The pro-free market Free Democrats (FDP) and the CDU/CSU, on the other hand, reject coalitions with the left as a matter of principle. If the conservatives want Armin Laschet to become chancellor in the post-Merkel era, their only hope at the moment is to head a coalition with the FDP and the Green Party. This was already on the horizon after the 2017 federal election but failed after weeks of talks due to the surprising withdrawal of the FDP under leader Christian Lindner.

Longtime observers of German politics such as Oskar Niedermayer believe that a red-red-green coalition is quite likely. The differences in foreign and security policy ideas are the “biggest stumbling block,” he said. But people from all three parties are already working on “finding lines of compromise,” the political scientist told DW back in May.

Another ‘red socks’ campaign?

The CDU’s latest warnings against a left-wing coalition bring back memories of the “red socks campaign” in 1994. “Red sock” is a term that is mostly used in a derogatory way for a person on the political left. It was famously used by the centre-right in their general election campaign back then to warn against a possible coalition of the SPD with the Greens and the predecessor to the Left Party, the PDS. The CDU printed large-format campaign posters showing a clothesline with a red sock dangling from a green clip. “To the future, but not in red socks,” it read.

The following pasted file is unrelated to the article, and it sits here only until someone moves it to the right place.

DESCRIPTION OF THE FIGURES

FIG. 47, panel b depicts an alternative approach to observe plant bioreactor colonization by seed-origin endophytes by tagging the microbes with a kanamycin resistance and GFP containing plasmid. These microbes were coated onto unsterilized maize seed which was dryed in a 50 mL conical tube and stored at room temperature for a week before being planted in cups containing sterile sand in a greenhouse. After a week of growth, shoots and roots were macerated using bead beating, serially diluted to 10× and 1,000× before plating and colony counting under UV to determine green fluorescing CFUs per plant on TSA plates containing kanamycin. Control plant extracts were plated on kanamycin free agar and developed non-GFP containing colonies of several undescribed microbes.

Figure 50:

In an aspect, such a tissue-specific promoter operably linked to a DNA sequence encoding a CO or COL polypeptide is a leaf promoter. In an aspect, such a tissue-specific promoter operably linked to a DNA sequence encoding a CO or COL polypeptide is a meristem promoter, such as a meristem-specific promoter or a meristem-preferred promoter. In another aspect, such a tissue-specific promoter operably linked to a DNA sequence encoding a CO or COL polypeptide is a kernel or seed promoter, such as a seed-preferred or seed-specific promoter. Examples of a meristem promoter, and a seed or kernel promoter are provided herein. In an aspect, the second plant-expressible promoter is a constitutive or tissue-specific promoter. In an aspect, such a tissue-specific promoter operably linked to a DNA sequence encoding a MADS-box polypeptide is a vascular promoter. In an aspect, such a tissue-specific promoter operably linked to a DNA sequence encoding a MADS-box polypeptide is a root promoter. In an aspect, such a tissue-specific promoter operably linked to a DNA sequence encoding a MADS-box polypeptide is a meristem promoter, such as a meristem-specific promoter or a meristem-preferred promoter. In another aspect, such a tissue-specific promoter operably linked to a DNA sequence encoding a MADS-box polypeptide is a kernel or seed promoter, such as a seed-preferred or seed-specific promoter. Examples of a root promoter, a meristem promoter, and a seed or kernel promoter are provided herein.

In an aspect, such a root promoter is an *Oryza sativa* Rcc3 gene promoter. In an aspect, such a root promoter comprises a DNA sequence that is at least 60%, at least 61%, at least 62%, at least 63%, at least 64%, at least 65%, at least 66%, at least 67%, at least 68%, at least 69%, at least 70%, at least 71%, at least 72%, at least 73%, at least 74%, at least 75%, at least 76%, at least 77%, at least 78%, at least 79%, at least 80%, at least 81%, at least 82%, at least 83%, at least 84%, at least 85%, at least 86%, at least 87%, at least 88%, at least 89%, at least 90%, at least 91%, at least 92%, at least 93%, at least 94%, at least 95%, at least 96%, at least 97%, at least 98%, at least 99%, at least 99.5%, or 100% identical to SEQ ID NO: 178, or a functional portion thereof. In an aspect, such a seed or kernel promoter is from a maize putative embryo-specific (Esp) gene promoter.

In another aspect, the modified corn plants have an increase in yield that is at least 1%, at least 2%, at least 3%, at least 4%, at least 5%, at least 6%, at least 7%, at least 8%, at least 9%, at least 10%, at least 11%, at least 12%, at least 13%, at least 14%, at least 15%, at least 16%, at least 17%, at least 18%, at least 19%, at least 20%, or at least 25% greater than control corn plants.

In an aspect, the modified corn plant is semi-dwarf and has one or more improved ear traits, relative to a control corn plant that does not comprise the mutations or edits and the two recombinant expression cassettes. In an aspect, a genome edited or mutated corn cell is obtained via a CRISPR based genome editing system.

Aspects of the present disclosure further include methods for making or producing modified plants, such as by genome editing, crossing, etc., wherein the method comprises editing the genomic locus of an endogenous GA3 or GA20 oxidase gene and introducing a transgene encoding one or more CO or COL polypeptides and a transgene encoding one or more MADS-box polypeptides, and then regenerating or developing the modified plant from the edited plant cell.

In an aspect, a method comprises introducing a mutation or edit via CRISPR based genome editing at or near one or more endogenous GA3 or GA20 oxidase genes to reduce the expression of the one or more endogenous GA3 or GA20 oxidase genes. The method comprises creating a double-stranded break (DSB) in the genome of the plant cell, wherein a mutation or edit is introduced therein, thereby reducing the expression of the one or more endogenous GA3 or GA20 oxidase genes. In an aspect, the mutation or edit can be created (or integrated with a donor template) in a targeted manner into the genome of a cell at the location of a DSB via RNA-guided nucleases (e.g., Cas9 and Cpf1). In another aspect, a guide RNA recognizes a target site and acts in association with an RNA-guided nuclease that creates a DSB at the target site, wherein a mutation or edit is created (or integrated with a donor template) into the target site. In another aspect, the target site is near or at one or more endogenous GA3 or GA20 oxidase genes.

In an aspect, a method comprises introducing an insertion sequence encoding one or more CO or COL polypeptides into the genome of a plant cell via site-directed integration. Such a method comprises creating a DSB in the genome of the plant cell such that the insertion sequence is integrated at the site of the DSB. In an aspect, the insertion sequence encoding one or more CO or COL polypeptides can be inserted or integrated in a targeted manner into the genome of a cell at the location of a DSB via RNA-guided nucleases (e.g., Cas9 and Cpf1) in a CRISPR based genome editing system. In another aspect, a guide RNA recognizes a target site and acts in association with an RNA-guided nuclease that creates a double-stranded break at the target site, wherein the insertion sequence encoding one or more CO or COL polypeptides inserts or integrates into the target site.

The CDU’s coalition partner at the time, the FDP, bought into the narrative: “Those who don’t want socialists and communists to again have a say, must choose the middle-class by voting for a strong FDP,” said then-party chairman and later Foreign Minister Guido Westerwelle.

The strategy may have paid off: This allusion to a communist threat and the emotions of the Cold War was seen as one of the decisive factors for the narrow election victory of Helmut Kohl’s black-yellow coalition government that year.

Critics lashed out at the CDU’s campaign, calling it an all-too-obvious attempt to discredit left-wingers. But the PDS took up the campaign aggressively and reinterpreted it as advertising for itself, printing red socks on a number of promotional items.

The SPD has always tread lightly on the issue of cooperation with the Left Party. Now, as the conservatives are digging the trenches along the same old lines, SPD candidate Olaf Scholz has taken care not to commit to any alliance — but to not rule anything out either.